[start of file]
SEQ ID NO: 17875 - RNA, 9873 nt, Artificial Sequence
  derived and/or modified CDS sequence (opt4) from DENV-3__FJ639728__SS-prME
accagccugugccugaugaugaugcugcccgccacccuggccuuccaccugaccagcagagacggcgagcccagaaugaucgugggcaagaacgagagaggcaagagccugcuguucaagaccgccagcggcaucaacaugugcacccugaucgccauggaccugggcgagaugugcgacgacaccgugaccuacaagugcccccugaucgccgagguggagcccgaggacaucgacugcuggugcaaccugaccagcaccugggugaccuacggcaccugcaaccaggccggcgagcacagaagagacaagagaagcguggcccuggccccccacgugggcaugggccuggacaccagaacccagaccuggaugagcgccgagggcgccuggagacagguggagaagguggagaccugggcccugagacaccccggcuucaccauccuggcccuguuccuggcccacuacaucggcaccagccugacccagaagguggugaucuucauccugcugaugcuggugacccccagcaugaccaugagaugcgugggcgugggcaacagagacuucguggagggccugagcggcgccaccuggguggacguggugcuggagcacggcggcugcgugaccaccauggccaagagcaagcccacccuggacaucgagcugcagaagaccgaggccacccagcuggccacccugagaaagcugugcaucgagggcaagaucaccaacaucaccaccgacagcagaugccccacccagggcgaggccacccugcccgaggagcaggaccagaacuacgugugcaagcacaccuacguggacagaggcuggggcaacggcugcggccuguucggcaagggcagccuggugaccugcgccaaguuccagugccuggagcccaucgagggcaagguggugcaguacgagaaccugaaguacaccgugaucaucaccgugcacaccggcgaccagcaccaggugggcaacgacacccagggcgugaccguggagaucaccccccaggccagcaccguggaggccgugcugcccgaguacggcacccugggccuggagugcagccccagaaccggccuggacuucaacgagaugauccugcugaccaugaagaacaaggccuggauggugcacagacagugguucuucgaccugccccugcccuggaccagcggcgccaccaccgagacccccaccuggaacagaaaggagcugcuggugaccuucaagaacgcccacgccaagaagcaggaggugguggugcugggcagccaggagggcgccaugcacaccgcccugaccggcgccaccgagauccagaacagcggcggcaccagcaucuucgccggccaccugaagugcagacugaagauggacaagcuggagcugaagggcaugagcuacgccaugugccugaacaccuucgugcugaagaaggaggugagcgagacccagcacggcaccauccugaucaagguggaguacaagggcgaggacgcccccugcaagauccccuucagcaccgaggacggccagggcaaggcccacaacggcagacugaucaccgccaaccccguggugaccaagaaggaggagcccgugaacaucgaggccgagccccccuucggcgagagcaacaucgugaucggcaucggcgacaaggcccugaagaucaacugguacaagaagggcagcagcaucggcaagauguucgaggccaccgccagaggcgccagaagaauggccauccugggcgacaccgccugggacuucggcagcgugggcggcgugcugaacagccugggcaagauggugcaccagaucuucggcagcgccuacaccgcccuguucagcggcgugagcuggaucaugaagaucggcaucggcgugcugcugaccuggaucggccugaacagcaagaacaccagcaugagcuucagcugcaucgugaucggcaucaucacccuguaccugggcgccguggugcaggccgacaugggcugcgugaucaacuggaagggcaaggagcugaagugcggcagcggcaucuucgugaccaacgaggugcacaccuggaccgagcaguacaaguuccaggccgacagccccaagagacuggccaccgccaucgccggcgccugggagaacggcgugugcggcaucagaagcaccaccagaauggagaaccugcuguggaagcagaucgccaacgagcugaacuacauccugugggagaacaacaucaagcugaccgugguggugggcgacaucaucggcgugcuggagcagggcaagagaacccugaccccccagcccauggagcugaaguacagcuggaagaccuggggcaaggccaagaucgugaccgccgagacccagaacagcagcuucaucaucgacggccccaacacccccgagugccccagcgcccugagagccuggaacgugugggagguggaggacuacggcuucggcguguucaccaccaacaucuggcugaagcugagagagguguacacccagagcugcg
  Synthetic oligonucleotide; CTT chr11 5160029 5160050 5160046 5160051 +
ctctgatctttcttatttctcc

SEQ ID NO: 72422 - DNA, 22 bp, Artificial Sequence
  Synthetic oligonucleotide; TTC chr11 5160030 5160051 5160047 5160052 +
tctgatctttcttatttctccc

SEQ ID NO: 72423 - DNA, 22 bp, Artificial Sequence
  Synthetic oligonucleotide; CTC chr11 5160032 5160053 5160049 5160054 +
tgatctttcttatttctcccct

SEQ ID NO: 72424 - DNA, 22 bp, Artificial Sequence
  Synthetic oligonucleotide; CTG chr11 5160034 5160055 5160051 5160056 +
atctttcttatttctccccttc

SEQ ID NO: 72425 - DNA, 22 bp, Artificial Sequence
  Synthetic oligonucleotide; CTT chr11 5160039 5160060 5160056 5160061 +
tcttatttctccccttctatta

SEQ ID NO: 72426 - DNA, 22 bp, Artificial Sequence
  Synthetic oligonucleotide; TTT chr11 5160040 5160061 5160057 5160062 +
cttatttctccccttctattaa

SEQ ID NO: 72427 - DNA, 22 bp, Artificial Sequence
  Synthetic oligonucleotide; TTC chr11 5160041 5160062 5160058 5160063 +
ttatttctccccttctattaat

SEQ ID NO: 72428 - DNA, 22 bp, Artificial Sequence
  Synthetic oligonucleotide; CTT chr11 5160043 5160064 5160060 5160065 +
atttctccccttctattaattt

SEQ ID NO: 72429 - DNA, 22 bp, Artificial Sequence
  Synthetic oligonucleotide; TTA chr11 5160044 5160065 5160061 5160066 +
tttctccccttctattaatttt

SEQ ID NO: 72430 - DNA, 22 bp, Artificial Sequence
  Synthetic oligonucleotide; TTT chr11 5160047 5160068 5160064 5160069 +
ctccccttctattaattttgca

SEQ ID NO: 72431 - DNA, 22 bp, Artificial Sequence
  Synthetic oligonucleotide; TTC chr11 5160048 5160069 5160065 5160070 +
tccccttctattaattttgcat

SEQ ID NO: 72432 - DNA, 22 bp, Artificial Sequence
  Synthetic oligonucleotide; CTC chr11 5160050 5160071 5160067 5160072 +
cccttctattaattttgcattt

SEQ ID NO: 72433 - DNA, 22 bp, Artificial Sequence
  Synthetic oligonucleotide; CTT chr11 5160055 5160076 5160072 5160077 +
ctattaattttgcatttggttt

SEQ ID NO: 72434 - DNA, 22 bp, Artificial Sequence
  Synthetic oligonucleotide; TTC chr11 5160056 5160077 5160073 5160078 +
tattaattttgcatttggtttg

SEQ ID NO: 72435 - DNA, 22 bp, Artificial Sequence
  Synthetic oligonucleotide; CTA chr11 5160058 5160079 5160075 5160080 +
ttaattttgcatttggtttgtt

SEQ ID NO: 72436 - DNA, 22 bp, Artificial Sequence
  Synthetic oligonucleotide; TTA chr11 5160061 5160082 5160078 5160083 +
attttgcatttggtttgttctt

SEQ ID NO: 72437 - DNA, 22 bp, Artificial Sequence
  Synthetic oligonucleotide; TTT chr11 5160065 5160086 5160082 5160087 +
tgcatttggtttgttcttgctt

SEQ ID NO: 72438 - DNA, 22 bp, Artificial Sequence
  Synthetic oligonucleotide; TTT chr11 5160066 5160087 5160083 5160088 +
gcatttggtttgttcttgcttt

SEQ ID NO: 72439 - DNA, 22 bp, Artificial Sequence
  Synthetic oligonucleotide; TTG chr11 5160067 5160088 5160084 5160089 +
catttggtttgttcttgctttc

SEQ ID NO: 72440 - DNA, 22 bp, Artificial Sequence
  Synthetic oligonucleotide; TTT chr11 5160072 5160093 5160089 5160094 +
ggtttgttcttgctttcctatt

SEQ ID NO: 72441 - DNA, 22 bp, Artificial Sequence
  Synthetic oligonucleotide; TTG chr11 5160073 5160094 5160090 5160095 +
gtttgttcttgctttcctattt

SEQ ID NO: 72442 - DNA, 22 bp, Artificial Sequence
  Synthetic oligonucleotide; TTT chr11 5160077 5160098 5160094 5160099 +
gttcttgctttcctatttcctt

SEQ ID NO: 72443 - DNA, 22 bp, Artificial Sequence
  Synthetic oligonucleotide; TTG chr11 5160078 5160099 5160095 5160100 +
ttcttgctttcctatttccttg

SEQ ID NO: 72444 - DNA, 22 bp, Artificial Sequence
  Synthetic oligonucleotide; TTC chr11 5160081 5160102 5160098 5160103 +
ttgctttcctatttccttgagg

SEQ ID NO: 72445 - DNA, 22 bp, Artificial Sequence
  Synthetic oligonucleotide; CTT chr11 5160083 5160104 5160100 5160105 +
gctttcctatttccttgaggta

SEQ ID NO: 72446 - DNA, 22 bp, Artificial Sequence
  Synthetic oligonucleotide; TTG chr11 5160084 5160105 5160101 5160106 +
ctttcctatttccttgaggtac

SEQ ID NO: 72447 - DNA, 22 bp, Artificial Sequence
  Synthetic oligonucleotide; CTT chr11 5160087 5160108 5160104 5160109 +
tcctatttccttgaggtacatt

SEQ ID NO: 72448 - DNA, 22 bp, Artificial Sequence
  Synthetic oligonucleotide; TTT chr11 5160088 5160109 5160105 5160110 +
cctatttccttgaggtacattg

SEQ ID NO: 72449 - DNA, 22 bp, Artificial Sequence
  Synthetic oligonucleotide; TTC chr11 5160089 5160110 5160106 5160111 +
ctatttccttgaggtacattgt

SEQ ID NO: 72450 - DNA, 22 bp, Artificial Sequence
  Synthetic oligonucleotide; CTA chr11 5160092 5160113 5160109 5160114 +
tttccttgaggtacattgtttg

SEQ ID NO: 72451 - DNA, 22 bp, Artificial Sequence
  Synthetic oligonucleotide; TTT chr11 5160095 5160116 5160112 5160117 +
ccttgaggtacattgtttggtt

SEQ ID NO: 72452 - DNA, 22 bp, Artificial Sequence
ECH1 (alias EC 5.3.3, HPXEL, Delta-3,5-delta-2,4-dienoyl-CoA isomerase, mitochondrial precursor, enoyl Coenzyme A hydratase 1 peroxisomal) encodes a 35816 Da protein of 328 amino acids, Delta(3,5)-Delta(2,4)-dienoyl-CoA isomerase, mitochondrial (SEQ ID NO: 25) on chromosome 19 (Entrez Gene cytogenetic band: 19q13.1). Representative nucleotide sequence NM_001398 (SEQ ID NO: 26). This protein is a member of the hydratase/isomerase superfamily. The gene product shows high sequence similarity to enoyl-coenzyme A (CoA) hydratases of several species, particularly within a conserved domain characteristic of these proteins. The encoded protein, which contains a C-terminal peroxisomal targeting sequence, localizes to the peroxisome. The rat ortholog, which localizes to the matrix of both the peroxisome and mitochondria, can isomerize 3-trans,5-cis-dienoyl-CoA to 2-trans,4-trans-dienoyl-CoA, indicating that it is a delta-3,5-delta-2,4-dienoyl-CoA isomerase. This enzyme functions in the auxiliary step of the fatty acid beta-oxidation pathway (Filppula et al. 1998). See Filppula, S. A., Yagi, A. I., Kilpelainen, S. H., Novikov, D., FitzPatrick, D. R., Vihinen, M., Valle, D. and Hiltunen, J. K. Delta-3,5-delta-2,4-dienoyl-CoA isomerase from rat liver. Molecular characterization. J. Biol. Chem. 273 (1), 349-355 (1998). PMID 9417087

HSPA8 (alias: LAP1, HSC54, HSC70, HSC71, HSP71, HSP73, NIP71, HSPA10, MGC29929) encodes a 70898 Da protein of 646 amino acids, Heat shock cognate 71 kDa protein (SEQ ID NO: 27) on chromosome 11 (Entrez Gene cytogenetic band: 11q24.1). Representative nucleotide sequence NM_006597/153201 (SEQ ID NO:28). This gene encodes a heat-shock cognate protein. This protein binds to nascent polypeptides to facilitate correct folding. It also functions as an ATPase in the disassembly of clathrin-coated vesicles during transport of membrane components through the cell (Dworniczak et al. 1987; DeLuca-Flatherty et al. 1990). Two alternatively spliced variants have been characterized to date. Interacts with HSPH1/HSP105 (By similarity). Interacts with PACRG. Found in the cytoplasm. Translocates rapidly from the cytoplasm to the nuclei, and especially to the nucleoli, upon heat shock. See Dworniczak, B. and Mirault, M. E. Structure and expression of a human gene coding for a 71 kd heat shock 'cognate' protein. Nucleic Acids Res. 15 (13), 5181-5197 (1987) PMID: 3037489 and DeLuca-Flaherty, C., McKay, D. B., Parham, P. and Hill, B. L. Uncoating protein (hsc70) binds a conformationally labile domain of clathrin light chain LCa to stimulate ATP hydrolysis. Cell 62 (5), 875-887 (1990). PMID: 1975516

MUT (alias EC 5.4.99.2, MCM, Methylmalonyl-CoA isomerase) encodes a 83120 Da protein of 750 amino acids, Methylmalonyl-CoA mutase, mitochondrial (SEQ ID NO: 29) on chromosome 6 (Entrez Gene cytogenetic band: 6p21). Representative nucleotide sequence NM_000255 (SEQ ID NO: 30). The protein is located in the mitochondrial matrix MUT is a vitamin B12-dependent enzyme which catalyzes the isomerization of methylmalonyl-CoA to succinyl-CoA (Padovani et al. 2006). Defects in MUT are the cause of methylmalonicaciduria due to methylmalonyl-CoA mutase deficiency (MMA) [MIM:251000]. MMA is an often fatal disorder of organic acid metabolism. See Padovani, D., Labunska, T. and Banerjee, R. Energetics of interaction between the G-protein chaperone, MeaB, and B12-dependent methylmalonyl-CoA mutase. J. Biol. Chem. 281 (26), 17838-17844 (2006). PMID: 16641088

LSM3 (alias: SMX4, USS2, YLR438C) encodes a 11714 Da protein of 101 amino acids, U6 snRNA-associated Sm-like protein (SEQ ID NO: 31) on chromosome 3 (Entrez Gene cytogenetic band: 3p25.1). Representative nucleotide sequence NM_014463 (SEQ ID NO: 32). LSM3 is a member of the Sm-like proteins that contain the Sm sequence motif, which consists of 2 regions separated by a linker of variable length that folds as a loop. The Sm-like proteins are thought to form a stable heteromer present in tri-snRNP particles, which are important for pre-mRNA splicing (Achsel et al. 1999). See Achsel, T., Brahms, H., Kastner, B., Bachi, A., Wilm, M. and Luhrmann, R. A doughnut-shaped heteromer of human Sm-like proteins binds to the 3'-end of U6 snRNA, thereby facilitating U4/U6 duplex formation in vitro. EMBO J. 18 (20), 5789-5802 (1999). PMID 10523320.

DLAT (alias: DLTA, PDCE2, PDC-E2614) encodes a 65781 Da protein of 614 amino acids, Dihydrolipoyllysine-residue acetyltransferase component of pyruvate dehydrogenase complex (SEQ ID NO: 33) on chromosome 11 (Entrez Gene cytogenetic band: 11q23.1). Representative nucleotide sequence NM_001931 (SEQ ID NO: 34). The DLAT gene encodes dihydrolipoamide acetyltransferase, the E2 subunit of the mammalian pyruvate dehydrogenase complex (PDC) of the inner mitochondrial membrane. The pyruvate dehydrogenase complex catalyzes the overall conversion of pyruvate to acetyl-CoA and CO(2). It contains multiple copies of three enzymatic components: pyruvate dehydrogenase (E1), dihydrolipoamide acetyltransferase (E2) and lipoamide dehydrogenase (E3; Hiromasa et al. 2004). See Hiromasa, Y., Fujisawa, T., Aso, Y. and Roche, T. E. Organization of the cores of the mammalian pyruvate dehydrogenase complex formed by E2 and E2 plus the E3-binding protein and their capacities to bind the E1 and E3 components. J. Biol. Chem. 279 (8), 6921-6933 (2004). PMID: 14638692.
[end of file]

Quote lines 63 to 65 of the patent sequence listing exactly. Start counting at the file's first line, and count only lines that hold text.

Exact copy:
SEQ ID NO: 72441 - DNA, 22 bp, Artificial Sequence
  Synthetic oligonucleotide; TTG chr11 5160073 5160094 5160090 5160095 +
gtttgttcttgctttcctattt